It is Monday, January 17, 2022, a day that most girls will forever cherish as they get a second chance to re-live their dreams.
Not so long ago, in late 2021, under President Samia Suluhu Hassan, news that revived hope in so many young girls, the hope that they can finally relive their dreams and unlock their full potential was announced.
In 2002 a law that banned pregnant students from returning to government schools was enacted, and in 2017 it was reaffirmed again by the late President John Magufuli.
At Dodoma, the capital city of Tanzania, in November 2021, the then Education Minister Joyce Ndalichako announced that “pregnant school girls will be allowed to continue with formal education after delivery,” adding that the ministry will communicate more details.
The good news came in at a time when society needed it most. Some of these girls did not get pregnant out of their free will. Most girls in primary and secondary schools are underage, meaning they can easily be manipulated and cannot make mature decisions for themselves.
Denying them access to education is destroying their future and that of their babies.
The policy was to be implemented effective immediately with a few rules. Firstly pregnant students are not allowed to continue with their studies as “there are many activities which may or may not be favourable for pregnant girls,” said Leonard Akwilapo, Permanent Secretary at the Ministry of Education.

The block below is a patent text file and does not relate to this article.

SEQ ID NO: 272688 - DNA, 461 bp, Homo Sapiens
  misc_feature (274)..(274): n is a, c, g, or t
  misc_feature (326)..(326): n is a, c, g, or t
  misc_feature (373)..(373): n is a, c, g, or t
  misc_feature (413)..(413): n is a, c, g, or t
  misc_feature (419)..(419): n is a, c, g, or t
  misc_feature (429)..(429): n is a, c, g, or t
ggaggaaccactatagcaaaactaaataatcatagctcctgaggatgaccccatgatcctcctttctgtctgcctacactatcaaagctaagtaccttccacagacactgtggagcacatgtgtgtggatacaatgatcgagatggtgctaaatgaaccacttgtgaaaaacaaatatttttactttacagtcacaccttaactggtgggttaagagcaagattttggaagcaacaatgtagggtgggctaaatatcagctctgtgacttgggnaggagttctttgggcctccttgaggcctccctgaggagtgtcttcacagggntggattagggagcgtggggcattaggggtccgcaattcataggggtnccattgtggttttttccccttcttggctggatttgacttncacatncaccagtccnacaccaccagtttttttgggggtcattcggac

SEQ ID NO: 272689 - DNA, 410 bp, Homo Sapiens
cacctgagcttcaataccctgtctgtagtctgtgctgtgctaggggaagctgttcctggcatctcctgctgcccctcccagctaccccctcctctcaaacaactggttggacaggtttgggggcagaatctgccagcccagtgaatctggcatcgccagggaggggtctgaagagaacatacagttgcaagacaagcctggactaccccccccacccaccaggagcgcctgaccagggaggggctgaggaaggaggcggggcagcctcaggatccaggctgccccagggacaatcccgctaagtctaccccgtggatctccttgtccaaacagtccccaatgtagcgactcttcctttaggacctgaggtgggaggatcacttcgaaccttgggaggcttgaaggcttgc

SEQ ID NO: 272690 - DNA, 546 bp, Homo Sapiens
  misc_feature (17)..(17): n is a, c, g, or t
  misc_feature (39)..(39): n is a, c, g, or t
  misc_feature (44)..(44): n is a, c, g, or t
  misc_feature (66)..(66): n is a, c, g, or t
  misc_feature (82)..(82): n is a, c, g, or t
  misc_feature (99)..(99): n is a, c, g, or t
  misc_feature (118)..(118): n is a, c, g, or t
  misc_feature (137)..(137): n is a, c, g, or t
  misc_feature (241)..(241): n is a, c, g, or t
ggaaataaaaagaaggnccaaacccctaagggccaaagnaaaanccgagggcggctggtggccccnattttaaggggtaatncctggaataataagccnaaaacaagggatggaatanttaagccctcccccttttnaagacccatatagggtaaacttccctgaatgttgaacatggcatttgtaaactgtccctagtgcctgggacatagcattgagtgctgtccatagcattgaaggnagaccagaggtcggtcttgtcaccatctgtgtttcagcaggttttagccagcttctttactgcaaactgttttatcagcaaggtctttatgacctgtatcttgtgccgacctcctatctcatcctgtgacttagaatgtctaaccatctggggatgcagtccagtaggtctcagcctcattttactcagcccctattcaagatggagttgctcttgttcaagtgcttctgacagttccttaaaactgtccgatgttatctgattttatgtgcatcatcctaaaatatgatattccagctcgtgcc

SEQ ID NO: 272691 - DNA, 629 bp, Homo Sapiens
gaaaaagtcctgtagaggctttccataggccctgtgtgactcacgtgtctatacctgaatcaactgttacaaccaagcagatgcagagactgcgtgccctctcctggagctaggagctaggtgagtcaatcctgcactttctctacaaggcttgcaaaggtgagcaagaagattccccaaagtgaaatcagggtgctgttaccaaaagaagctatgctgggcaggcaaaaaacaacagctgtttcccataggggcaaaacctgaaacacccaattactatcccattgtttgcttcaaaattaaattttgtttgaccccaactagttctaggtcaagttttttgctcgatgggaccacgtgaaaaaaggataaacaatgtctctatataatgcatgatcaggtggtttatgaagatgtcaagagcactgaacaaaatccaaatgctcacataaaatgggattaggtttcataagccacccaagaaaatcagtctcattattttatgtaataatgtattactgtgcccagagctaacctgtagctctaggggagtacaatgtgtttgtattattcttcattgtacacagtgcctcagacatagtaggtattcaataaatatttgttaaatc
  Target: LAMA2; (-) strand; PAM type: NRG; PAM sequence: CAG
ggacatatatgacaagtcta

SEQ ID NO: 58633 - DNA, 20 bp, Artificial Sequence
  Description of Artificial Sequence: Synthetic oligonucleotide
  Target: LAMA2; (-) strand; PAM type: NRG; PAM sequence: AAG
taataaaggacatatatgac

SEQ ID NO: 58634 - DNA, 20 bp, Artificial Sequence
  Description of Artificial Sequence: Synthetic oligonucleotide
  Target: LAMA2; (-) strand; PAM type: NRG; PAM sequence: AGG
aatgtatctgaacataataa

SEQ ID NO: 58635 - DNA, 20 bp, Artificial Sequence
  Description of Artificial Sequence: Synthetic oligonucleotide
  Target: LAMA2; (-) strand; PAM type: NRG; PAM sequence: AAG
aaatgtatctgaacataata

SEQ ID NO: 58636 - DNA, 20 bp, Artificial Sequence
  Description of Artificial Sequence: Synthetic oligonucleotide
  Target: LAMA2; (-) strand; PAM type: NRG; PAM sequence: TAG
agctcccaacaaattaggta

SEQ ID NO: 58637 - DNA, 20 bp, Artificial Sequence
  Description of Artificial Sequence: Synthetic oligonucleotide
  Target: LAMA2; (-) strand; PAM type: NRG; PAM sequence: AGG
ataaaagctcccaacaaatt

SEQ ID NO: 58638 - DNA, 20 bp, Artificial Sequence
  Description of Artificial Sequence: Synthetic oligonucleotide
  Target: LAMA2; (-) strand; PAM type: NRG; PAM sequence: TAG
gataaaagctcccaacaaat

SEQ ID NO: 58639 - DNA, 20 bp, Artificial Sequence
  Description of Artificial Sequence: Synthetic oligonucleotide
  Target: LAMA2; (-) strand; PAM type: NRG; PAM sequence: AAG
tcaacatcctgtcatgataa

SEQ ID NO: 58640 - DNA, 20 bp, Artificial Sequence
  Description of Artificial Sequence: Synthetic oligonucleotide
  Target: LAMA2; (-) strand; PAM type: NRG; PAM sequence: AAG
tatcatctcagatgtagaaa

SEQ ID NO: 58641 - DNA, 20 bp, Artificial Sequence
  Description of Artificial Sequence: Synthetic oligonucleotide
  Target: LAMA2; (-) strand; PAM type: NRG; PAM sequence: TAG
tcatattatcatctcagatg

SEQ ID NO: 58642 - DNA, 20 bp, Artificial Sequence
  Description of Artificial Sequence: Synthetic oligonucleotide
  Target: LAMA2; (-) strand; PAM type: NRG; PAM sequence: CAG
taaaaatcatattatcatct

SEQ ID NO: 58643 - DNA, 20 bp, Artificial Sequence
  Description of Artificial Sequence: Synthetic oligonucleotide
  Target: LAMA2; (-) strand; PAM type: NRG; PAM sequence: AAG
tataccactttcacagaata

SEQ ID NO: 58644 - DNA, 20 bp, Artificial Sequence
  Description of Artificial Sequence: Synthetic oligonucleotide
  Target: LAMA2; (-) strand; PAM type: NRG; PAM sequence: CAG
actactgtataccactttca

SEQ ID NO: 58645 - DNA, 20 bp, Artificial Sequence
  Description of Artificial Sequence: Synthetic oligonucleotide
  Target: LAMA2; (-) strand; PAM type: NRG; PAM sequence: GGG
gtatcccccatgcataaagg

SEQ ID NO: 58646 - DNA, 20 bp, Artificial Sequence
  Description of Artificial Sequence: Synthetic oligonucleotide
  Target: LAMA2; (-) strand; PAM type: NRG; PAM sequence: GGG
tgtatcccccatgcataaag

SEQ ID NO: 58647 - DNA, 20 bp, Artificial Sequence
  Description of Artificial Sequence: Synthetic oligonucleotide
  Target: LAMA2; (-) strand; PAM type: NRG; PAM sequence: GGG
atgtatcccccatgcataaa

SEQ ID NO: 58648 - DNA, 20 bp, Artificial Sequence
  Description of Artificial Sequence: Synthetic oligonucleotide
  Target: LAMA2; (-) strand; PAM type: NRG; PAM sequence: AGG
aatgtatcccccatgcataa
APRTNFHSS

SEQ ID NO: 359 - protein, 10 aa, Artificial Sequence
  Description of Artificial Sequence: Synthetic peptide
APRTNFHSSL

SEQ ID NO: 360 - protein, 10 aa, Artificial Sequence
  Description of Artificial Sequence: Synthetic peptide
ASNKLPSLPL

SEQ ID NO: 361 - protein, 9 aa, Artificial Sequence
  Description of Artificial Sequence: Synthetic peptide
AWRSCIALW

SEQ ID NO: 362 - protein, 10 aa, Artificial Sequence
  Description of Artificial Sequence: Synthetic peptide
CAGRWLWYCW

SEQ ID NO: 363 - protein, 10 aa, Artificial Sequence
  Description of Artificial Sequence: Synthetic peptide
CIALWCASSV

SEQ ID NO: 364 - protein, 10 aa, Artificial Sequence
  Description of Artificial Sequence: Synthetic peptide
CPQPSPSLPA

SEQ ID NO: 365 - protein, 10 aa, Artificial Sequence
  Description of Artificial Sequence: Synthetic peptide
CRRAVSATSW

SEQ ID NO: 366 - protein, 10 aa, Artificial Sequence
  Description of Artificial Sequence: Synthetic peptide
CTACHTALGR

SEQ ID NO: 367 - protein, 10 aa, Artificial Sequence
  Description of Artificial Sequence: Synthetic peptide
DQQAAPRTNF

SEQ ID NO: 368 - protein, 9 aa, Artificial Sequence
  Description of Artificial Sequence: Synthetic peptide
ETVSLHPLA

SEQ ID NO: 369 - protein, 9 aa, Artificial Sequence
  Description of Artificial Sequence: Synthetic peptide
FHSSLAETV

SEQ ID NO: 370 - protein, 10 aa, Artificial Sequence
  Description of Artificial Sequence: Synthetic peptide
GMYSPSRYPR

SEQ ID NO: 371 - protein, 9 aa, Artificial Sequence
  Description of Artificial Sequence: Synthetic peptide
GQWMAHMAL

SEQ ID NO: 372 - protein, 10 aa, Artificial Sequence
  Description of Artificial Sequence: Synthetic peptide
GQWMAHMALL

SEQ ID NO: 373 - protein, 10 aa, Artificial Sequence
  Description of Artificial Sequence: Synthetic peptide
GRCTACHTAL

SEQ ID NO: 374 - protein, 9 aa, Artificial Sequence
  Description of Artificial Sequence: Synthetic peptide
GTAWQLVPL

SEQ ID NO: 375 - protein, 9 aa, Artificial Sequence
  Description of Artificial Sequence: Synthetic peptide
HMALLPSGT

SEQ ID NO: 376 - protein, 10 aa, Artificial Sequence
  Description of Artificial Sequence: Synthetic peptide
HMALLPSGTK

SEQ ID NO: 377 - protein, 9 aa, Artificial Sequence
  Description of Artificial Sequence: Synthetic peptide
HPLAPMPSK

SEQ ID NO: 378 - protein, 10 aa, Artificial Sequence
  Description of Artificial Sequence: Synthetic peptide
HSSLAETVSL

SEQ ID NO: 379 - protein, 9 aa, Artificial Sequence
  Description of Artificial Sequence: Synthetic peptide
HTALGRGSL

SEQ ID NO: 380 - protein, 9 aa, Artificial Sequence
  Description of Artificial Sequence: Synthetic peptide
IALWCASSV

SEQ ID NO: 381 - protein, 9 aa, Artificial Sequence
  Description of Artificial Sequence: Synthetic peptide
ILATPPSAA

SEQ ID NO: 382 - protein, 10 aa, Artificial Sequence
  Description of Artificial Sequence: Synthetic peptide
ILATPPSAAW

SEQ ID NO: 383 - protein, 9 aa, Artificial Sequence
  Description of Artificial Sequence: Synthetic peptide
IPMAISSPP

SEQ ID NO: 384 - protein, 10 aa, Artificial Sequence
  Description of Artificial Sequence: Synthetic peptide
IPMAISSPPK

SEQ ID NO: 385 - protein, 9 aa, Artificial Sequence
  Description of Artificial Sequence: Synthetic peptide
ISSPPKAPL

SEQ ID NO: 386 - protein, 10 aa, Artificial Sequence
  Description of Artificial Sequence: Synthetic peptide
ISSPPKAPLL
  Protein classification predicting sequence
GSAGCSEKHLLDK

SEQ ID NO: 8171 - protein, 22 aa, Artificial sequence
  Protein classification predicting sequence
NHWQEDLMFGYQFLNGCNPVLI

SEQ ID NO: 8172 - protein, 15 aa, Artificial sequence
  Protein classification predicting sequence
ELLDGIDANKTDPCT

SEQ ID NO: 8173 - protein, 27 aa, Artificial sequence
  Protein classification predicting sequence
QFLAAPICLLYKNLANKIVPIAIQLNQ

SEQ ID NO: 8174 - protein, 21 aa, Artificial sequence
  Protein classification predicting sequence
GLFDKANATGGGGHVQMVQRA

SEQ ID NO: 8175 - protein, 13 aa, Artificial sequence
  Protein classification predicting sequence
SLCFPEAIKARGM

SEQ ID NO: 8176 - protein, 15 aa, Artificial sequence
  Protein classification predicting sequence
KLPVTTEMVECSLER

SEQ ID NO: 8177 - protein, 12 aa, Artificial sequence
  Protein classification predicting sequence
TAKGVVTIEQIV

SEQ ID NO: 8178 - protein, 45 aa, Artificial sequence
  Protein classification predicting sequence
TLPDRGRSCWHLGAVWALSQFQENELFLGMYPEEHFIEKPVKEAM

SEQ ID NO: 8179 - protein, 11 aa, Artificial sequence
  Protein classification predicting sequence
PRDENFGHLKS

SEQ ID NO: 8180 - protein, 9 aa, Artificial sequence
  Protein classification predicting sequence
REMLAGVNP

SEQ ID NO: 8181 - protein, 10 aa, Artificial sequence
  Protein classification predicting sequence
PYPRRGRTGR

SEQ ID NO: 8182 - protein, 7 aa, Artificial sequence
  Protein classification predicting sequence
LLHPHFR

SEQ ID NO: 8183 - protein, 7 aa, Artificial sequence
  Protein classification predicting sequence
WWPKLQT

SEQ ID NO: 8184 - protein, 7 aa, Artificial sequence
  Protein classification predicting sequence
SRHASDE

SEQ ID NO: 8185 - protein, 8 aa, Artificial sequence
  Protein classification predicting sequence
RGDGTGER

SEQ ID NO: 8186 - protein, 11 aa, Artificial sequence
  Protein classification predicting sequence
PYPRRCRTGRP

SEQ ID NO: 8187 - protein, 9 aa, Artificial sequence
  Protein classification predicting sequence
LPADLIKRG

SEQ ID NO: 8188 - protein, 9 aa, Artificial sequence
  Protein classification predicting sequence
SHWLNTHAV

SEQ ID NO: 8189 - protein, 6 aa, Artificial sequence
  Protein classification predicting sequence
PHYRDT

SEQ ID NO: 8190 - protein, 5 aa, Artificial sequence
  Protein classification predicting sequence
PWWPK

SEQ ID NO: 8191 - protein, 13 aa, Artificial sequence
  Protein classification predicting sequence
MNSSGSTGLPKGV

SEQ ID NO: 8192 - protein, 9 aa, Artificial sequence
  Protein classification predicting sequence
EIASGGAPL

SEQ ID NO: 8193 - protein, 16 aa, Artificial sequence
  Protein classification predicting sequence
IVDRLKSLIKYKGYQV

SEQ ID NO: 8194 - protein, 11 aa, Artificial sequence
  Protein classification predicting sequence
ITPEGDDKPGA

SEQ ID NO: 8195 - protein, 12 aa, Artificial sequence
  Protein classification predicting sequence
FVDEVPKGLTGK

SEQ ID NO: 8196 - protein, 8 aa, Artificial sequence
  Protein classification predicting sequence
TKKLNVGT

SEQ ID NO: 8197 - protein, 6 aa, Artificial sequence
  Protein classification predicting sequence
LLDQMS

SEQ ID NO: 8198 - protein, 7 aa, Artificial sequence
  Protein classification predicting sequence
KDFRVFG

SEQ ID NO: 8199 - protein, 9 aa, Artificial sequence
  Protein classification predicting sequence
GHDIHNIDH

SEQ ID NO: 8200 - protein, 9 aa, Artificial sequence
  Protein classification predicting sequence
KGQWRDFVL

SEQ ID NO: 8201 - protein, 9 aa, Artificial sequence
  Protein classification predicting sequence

He added that he also believes “the situation will not be favourable for the other pupils.”
And the other rule is that students return to school within two years after giving birth.
Today as many schools opened, girls country-wise, mothers whose dreams collapsed went back to classes, and those who dropped out for other reasons, including lack of funds, health or family issues, and many other reasons without including violence and threatening others lives.
A 19-year-old Esther (pseudonym), a mother of a four-year-old child, expressed how happy she was that girls could finally go back to school after giving birth.
Telling her story, Esther said she passed her standard seven exams and was to join form one at a school in her village. She then found out she was pregnant when she was joining form one and had to accept that her dream of becoming a teacher had ended.
Esther, who is currently a house helper trying to earn a living for herself, her child, and her parents, says that even if she cannot fit into the two years window, she is glad that other girls will be able to go back to school and pursue their dreams.
Parents and society need to protect the girls from the vultures within our communities. Even though these girls can go back to school, parenting can sometimes create turmoils for mothers emotionally, physically, and psychologically and it is not what these girls should go through at such a young age.